With China’s Mars landing this weekend, joining a U.S. Mars rover on the surface, questions about life existing on the Red Planet abound.
In a story from The Hill, though, a new thought has worked its way to the forefront: NASA may have had a hand in forms of life now found on Mars.
A scientist from Cornell said life discovered on Mars might have actually “originated on Earth in NASA labs.”
As part of an article written for the BBC, professor Christopher Mason said it’s because – even with stringent guidelines on the cleaning processes and on spacecraft assembly in specialized rooms – various bacteria, fungi and viruses are almost impossible to eradicate completely.
“But, it is almost impossible to get to zero biomass on a spacecraft,” Mason wrote. “Microbes have been on Earth for billions of years, and they are everywhere. They are inside us, on our bodies, and all around us. Some can sneak through even the cleanest of clean rooms.”
Mason did a couple of recent studies that explained how the microscopic organisms could escape the cleaning process and survive the trip to Mars.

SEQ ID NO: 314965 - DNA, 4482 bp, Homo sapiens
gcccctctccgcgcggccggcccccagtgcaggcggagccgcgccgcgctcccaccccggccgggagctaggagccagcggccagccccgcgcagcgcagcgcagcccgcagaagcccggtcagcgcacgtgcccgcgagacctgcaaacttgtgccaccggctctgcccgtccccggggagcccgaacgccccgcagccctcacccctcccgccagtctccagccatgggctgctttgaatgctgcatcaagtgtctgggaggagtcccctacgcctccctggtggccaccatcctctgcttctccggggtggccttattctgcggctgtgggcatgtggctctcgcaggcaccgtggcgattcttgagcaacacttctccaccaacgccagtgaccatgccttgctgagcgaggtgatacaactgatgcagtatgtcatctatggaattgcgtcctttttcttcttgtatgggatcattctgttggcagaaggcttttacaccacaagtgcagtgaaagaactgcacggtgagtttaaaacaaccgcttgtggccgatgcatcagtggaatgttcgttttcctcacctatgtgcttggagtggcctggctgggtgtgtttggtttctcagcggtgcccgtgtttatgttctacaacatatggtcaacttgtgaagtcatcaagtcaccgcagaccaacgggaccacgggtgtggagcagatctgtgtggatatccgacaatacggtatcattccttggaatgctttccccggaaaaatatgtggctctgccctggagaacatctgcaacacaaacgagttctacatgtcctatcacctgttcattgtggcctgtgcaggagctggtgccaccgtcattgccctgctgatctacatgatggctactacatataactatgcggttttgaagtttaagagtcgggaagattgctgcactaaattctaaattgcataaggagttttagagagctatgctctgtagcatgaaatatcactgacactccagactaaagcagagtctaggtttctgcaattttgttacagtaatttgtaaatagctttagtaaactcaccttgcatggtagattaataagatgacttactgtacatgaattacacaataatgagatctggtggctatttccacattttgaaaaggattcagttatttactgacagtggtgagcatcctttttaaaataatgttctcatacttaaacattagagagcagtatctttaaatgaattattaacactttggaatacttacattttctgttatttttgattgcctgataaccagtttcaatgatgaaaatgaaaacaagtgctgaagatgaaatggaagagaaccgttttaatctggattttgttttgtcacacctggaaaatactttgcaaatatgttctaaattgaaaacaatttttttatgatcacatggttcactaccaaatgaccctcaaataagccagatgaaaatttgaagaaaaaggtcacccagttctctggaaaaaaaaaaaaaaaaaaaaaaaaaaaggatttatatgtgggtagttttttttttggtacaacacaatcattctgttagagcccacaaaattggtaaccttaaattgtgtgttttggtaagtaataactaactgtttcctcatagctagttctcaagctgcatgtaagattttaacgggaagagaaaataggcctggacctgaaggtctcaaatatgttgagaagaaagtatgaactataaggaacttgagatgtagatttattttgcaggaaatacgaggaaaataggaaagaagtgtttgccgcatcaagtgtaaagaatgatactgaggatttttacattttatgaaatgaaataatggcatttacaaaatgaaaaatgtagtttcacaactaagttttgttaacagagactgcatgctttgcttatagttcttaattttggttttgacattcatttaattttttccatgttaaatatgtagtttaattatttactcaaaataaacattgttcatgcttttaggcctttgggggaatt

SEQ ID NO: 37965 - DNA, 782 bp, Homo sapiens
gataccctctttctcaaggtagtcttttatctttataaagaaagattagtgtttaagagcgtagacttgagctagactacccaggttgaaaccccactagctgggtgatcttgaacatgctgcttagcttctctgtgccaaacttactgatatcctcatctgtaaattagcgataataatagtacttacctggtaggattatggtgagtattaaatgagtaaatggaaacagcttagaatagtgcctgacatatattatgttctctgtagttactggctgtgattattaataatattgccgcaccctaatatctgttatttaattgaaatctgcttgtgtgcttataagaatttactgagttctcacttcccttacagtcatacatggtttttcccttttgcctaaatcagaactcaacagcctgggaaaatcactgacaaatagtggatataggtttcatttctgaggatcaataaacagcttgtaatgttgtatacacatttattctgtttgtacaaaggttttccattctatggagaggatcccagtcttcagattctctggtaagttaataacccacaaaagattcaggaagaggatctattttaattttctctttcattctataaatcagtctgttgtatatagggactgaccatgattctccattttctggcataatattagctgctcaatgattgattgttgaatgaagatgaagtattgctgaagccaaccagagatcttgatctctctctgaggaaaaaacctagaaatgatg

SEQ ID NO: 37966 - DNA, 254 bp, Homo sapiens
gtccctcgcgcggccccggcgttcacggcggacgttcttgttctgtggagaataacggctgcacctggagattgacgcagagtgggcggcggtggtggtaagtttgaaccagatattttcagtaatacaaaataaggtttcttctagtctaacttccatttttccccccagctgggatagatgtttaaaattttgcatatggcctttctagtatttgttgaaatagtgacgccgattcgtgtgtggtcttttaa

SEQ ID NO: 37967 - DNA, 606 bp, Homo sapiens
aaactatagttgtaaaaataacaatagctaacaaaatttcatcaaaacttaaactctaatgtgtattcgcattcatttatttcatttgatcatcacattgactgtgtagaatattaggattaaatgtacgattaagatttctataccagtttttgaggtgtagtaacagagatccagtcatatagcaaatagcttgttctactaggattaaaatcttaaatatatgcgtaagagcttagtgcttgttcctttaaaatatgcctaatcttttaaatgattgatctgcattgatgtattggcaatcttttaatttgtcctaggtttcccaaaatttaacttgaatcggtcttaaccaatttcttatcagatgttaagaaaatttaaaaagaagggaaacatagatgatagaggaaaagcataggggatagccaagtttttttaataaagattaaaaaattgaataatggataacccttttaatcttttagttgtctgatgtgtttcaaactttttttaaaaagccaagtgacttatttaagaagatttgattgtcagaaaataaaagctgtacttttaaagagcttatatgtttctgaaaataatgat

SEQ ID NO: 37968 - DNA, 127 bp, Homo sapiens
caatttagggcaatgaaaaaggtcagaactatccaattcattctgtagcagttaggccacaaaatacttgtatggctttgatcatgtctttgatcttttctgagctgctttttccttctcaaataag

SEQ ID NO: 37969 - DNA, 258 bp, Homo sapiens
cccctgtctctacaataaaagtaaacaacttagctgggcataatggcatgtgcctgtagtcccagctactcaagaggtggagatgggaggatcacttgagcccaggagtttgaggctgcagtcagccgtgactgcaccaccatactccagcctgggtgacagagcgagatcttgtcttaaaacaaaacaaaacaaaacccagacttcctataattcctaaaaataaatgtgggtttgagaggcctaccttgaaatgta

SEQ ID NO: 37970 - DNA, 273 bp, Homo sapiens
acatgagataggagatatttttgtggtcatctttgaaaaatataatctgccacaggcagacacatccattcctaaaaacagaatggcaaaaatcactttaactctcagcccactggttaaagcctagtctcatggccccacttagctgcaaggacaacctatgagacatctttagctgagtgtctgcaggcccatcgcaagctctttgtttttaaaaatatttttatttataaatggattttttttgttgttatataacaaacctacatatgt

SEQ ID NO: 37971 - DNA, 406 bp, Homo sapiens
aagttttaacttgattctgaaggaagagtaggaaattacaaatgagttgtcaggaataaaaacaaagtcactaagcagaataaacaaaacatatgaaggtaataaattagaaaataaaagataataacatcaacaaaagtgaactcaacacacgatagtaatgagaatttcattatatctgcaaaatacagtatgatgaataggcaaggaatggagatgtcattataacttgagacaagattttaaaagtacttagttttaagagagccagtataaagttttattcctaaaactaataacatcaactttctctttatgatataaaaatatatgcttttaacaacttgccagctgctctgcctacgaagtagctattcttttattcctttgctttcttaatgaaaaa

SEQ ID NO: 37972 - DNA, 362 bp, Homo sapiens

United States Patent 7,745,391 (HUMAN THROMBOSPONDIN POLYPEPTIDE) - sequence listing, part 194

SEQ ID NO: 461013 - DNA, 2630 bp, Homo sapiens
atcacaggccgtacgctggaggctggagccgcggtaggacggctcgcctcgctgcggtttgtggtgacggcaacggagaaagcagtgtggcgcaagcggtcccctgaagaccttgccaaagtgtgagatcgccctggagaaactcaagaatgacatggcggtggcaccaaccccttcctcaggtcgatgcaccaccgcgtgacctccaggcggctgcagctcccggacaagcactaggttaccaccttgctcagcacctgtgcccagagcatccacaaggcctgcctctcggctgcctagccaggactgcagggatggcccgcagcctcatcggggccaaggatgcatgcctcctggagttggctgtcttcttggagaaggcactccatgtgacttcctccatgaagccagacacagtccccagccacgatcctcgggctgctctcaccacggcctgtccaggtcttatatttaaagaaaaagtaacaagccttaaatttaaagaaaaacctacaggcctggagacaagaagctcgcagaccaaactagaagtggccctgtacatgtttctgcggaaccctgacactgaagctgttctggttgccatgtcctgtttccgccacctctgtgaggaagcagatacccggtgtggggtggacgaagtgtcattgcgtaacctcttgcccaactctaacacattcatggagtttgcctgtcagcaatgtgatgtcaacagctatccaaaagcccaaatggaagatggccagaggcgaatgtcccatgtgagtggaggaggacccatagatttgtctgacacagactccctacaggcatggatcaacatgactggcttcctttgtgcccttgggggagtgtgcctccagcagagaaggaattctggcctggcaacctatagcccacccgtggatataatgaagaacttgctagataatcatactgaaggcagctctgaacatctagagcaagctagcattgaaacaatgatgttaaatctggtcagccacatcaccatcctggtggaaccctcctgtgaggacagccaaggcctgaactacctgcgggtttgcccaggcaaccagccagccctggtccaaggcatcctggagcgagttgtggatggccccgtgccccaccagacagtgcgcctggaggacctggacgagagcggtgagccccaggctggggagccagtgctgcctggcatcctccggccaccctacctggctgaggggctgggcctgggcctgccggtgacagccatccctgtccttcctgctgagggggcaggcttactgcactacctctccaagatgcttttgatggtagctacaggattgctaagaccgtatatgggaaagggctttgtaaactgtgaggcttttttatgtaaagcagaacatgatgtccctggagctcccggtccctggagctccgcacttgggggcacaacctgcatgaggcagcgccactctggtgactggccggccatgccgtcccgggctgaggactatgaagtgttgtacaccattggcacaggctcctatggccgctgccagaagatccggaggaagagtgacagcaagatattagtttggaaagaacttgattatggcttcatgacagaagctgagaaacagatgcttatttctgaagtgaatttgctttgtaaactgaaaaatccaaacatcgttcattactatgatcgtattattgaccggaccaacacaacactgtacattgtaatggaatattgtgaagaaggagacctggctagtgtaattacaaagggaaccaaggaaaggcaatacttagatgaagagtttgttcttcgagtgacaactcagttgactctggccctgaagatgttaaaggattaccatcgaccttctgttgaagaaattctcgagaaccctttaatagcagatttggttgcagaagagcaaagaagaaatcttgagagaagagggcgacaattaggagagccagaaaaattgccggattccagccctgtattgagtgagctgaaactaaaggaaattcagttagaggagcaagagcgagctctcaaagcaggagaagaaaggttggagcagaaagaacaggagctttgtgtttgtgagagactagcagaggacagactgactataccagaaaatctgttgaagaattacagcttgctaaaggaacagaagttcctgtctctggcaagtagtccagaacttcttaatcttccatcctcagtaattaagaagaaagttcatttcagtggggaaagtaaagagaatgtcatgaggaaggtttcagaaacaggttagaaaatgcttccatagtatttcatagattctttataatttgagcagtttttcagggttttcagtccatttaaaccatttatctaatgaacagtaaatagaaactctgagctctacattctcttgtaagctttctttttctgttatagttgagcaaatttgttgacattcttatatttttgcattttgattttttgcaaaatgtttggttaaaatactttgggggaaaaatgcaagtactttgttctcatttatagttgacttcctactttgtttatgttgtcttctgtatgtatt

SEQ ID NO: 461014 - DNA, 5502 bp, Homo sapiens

And how they can grow while in space.
“It turns out that clean rooms might serve as an evolutionary selection process for the hardiest bugs that then may have a greater chance of surviving a journey to Mars,” he wrote.
The NASA rover up there now, Perseverance, could have been a vehicle for the “new life” on Mars.
Insider also reported that Mason, a professor at Weill Cornell Medicine, warned microbes can “wreak havoc” at a new ecosystem and could threaten an astronaut’s health.
NASA scientists are aware that tests may be needed to ensure findings are Martian in origin.